First, the crushing heat and humidity kept many people away, and the ones who did come had difficulty flipping through long boxes for an extended period of time in a hot garage, despite the huge fan we had blowing in the direction of our customers.  We also did not pull as much inventory as we hoped to have available for the sale, due to various time constraints.  Therefore, we were not completely prepared and organized for the first sale. 

However, this time everything seemed to be much more in our favor.  Weather conditions were absolutely perfect all three days, with mostly sunny skies, a slight breeze, and temperatures in the 60's.  We had over 30 long boxes and 20 short boxes packed with comics, and we also added some other items, such as movie posters, Marvel laser cels, and some toys.  With the comfortable weather being our best ally, it was not unusual to see customers spend one or even two hours just taking their time flipping through boxes and checking off the missing issues they found for their favorite titles. 

Some customers that made a casual visit on one of the days were shocked to see just how many comics were available, so they returned the next day armed with checklists and index cards so they could buy in bulk.  Several people purchased 200-300 comics, and some even returned the next day to pick up a few more that they had missed during their first visit.  We also benefited from having some of our earlier customers refer their friends to the sale, which helped to make Sunday another successful day, despite some competition from the Detroit Lions' football home opener.

Comic Book Garage (or Yard) Sales have recently become more and more popular all over the country.  Veteran comic book writer Tony Isabella, the creator of Black Lightning, recently held his "Garage Con" event and reported a successful sale on his blog site.  Scott Hudlow, a large-scale comic dealer in California, also had several yard sales this year.  Artist Chris Yambar even took the idea a step further and created "Lawn Con" in 2010, which was an actual comic convention taking place on the front lawn of his Ohio home, complete with guest artists and live music!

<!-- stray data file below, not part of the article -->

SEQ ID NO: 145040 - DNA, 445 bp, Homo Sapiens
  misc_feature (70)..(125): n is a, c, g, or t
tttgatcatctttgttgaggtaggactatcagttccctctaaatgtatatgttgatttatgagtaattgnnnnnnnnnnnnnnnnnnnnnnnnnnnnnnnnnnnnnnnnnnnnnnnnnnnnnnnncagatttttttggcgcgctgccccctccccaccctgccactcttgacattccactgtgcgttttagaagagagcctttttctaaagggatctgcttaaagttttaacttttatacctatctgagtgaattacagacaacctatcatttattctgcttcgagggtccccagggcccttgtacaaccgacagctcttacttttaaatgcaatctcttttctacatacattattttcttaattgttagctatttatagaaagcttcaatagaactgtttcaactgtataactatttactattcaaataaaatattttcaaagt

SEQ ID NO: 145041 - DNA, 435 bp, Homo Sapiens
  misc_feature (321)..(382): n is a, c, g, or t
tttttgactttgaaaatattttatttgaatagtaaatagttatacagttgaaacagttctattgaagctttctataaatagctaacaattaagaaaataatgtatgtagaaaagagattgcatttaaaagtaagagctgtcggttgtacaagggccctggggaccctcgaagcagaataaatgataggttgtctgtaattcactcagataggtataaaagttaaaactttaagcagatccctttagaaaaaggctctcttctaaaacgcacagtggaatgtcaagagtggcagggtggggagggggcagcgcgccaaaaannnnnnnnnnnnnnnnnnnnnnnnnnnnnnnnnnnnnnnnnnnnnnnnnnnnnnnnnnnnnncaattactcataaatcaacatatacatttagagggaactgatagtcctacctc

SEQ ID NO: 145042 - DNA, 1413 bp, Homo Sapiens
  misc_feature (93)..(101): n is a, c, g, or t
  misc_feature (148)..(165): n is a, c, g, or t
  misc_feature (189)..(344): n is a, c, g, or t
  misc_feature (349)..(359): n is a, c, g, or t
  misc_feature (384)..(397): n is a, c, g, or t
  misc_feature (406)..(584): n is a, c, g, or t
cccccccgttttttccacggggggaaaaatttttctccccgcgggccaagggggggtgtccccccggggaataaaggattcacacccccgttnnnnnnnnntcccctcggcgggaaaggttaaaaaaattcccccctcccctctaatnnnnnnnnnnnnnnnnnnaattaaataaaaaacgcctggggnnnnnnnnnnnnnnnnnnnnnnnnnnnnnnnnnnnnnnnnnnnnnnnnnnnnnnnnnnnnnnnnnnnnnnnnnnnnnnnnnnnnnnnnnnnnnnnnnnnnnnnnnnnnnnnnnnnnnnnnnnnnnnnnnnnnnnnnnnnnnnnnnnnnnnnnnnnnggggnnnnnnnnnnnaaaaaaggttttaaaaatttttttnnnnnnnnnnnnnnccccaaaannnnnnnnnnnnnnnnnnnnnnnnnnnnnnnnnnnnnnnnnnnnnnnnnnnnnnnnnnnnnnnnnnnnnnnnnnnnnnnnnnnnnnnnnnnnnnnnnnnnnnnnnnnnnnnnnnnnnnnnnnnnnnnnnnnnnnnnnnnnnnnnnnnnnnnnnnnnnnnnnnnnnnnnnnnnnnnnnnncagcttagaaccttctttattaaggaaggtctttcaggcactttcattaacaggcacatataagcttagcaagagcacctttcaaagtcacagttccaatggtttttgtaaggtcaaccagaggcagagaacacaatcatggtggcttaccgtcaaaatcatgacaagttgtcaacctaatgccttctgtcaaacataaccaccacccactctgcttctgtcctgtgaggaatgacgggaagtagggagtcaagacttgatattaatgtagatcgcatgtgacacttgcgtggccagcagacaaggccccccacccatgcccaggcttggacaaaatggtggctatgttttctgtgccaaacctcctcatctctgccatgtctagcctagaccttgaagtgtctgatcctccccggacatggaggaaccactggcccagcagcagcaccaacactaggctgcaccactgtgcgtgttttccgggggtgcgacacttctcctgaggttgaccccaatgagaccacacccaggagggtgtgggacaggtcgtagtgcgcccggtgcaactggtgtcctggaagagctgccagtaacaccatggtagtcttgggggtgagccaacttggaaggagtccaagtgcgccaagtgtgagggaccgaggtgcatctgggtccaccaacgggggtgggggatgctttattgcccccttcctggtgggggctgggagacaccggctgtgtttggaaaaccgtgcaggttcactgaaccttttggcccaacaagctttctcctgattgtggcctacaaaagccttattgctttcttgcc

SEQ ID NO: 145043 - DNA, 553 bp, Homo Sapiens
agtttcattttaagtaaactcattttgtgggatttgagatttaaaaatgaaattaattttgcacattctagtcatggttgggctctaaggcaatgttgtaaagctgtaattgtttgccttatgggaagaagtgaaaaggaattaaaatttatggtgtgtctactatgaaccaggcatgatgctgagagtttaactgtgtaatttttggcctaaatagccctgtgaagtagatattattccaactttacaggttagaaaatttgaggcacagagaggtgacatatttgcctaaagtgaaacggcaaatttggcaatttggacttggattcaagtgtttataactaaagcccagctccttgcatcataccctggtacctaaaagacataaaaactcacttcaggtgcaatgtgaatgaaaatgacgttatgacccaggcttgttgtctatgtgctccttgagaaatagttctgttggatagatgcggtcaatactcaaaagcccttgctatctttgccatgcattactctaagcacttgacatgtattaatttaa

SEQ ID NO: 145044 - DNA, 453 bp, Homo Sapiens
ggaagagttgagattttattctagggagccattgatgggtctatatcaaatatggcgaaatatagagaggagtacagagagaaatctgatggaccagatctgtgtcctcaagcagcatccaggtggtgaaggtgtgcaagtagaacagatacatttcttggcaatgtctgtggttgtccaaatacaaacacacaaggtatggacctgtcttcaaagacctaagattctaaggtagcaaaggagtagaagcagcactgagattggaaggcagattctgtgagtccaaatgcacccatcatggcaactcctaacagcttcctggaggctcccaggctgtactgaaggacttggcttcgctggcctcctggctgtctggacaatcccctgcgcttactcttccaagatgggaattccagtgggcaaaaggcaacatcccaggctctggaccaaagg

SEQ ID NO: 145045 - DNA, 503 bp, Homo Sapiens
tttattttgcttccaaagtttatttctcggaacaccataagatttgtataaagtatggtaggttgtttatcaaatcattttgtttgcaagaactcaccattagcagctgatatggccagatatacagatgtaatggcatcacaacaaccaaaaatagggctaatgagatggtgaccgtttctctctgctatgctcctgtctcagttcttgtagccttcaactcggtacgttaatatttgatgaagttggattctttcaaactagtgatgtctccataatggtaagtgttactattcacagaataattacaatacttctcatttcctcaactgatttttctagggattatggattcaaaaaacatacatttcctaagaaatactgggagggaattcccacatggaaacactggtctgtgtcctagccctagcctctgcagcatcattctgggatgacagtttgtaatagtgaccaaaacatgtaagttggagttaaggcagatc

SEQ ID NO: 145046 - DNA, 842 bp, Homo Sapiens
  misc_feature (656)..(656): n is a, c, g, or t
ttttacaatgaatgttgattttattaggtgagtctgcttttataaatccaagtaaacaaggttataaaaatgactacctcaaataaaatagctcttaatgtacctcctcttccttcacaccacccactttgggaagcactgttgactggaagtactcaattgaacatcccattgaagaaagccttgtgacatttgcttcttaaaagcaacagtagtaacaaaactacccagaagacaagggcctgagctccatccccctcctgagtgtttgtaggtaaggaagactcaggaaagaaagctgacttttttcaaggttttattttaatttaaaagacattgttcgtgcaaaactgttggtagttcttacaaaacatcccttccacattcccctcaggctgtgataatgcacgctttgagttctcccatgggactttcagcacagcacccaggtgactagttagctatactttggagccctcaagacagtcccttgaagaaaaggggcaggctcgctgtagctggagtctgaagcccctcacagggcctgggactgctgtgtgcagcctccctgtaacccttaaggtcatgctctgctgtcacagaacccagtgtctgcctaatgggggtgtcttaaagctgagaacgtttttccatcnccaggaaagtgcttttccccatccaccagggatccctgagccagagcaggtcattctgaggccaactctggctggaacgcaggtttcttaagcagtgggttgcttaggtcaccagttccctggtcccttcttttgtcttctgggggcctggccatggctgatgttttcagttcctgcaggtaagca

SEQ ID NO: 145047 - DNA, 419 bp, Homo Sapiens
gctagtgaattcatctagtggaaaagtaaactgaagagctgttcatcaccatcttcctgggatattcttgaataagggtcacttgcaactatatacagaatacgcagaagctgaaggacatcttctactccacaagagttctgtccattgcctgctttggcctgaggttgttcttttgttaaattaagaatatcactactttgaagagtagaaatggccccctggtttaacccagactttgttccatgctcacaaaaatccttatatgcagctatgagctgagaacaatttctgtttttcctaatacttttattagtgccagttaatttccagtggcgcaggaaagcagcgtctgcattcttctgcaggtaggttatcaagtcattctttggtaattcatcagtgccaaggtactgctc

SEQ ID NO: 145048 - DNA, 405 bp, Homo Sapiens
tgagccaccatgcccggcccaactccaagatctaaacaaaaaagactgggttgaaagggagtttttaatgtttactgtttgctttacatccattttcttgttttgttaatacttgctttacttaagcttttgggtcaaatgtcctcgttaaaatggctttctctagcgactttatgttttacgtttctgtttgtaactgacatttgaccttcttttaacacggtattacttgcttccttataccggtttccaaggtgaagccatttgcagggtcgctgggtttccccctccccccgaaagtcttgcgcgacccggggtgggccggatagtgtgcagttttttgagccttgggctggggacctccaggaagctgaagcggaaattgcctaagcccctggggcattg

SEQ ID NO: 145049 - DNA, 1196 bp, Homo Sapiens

What were the big sellers?  A better question might be: What didn't sell at this sale?  Marvel and DC material from the 1980's and 1990's were the big winners, with huge sales of titles like Daredevil, Captain America, Avengers, Batman, Nightwing, Catwoman, Hellblazer, Spider-Man, and of course the X-Titles.  Some of the key issues sold were Sandman #1, Marvel Secret Wars #1, Batman: The Dark Knight Returns #1 and #2, Batman #428 (Death of Robin), and the "R.I.P." issues of Batman. 

There were also requests for a wide variety of obscure titles ranging from the early 1970's to the 2000's, such as Forever People, Omac, Black Axe, Icon, Hardware and even the barely remembered Peter Milligan version of Infinity, Inc.

We also had several movie posters for sale.

Superman and Justice League titles were among the few comics that did not sell very well at the garage sale, and there was not much demand for independent titles.  However, with all comic books it's often a matter of having the right collector show up at the right time.  

Overall, the weekend was a huge success.  Lots of comics were sold, collectors walked away very happy, and I had the opportunity to visit with several Facebook friends in person.  Many people were interested to hear that we were considering having another sale later in the Fall, perhaps in mid-October.  However, local ordinances may not allow that to happen, since the city has specific limitations on how many garage sales can be held on a quarterly basis.  We'll definitely give it some thought. 

Were they any negative aspects to the sale?  Not really, although it was a huge weekend for garage sales all over the Metro Detroit area.  Basically, if you drove into almost any subdivision, you would find 2-3 yard sales within a couple blocks of each other.  The positive aspect of this was that it drove additional traffic to everyone's garage sales, including our own.  The downside was that some of those people didn't bother to read the many signs that we had posted around the neighborhood.  This resulted in several confused patrons coming into our yard with a perplexed look on their face and asking questions like "Is it just comics?".